Nutrient Cycling in Response to Forest Growth under Free-Air CO2 Enrichment (FACE)

Forest ecosystems exchange a large amount of C with the atmopshere on an annual basis, and C storage in forests helps to mitigate the rise in the concentration of atmospheric CO2.  Using an experimental forest system in North Carolina, we are studying how soil nutrient availability controls the productivity response of a warm-temperate forest to elevated CO2.  The project uses free-air CO2 enrichment (see web site at allowing the forest to grow under high CO2 in the face of natural variations in climate and soil fertility.  To date (2005) this forest has shown a sustained stimulation in forest productivity under elevated CO2.  However, the magnitude and sustainability of this initial stimulation is tightly regulated by soil N availability.  Research in my lab is currently using a wide variety of techniques to measure changes in soil N availability and forest productivity under elevated CO2.

Amino Acid Cycling in Temperate Forest Ecosystems

Nitrogen is the element most commonly limiting the productivity of terrestrial ecosystems.  Traditional conceptual models assume that plants only take up inorganic forms of nitrogen (NH4+ and NO3-).  Recent research in arctic, alpine and boreal ecosystems suggest that certain organic forms of N (i.e., amino acids) can also contribute to plant-N nutrition.  Until now, however, there were no comparable data from temperate forests.  Research in my lab shows that organic N in the form of amino acids is a critical component of the soil-N cycle and that temperate forest tree species are likely to assimilate amino acids in the field.  There are as yet many unanswered questions in community and ecosystem ecology related to the importance of different forms of N, and these questions a major focus of current work in my lab.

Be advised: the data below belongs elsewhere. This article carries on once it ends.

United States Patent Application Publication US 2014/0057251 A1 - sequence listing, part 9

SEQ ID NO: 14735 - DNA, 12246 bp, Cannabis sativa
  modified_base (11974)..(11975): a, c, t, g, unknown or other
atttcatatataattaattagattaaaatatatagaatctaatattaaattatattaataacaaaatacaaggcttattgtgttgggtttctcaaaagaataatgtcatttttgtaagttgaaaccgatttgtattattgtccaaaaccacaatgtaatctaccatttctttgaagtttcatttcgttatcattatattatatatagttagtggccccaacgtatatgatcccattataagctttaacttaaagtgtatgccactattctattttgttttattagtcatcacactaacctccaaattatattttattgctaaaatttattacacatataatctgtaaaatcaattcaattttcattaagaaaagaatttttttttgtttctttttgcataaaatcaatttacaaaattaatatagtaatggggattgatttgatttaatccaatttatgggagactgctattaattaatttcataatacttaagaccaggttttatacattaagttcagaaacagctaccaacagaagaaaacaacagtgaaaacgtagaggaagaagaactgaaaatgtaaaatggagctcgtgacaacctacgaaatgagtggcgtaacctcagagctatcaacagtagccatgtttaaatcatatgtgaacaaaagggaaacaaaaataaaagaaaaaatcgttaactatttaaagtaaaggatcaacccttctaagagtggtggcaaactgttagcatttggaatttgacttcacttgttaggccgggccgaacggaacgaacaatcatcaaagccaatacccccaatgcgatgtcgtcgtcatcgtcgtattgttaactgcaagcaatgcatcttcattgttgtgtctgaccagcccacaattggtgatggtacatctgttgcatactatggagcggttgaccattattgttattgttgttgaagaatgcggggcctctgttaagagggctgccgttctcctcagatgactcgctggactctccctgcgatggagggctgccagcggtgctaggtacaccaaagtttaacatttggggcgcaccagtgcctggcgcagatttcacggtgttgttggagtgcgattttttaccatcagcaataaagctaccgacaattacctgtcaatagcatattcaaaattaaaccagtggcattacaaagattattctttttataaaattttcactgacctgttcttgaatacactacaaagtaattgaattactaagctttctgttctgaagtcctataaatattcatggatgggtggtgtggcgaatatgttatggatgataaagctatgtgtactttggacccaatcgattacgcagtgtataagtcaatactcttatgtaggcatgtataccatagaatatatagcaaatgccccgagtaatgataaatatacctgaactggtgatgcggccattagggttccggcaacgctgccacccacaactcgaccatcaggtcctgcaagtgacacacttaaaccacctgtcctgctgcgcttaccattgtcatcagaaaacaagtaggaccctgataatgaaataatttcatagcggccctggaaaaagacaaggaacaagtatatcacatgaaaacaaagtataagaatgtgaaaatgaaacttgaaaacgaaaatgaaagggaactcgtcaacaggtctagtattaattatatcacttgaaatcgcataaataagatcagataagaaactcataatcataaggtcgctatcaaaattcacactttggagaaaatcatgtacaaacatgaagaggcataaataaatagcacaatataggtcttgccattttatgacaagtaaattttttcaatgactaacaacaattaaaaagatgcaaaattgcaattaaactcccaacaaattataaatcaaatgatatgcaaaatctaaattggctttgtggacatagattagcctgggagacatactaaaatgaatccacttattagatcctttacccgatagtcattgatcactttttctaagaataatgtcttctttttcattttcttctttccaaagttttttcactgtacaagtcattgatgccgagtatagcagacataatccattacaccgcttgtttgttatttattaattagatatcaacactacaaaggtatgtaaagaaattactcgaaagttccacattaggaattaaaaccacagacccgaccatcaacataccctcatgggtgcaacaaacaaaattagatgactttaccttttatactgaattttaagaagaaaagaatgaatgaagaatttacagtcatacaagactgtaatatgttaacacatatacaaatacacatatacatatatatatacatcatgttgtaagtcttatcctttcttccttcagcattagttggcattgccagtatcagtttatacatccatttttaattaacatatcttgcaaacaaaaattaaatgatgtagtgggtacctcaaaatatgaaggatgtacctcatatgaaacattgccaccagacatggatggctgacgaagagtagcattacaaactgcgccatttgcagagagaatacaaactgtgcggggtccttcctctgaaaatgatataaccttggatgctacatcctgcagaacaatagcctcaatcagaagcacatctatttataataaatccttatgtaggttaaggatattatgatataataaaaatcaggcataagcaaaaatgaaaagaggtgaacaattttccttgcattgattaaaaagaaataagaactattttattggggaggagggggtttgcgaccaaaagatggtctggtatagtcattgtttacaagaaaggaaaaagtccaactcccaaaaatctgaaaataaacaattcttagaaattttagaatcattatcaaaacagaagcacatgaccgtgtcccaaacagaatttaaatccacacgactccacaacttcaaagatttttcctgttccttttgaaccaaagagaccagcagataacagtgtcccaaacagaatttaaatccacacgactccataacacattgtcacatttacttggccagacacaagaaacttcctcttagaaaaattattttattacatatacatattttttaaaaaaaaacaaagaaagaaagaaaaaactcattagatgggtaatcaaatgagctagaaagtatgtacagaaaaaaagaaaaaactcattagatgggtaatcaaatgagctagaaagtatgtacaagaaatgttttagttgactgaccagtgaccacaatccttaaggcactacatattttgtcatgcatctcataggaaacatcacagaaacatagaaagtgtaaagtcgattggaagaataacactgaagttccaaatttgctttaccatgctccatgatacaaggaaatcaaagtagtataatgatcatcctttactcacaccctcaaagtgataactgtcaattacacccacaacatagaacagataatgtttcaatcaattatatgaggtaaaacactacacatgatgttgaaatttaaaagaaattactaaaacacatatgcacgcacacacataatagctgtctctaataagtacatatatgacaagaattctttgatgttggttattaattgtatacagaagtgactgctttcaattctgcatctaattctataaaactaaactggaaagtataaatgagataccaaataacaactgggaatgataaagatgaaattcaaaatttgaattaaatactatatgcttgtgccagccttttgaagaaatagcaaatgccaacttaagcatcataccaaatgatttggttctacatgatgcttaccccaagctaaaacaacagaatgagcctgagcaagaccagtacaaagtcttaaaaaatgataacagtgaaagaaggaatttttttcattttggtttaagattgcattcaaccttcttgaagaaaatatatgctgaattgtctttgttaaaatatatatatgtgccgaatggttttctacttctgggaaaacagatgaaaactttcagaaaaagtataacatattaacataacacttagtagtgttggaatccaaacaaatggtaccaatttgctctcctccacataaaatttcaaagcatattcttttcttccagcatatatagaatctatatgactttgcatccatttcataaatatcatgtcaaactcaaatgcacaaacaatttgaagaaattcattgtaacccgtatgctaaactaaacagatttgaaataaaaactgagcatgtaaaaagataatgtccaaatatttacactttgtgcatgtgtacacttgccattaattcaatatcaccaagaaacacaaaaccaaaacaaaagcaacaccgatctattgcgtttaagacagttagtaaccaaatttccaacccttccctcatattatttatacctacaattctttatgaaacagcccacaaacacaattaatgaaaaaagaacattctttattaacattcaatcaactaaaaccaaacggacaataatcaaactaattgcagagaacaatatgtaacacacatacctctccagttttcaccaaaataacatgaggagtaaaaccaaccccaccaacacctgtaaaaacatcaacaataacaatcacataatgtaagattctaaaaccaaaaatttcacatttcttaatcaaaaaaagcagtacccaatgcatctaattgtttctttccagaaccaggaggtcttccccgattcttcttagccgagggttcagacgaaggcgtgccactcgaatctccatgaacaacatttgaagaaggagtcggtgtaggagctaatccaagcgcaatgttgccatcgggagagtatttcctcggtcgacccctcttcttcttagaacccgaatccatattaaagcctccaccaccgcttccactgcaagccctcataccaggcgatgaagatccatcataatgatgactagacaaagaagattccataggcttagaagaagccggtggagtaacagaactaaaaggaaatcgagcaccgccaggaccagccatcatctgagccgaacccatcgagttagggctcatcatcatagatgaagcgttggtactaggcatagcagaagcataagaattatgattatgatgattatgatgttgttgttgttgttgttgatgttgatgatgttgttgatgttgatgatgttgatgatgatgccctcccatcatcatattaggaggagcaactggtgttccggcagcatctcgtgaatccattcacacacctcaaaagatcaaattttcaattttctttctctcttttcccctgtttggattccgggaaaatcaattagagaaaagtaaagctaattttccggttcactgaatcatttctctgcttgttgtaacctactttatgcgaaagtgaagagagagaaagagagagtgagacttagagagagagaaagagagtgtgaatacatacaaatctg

Atmospheric Deposition and the Composition of Temperate Forests

Human activities have increased the deposition of N to northeastern US forests and simultaneously decreased base cation availability in soil (i.e., the availability of calcium and magnesium).  While these changes in the chemistry of the atmosphere and soil are correlated with changes in the species composition of temperate forests, few studies have experimentally modified the availability of these resources simultaneously to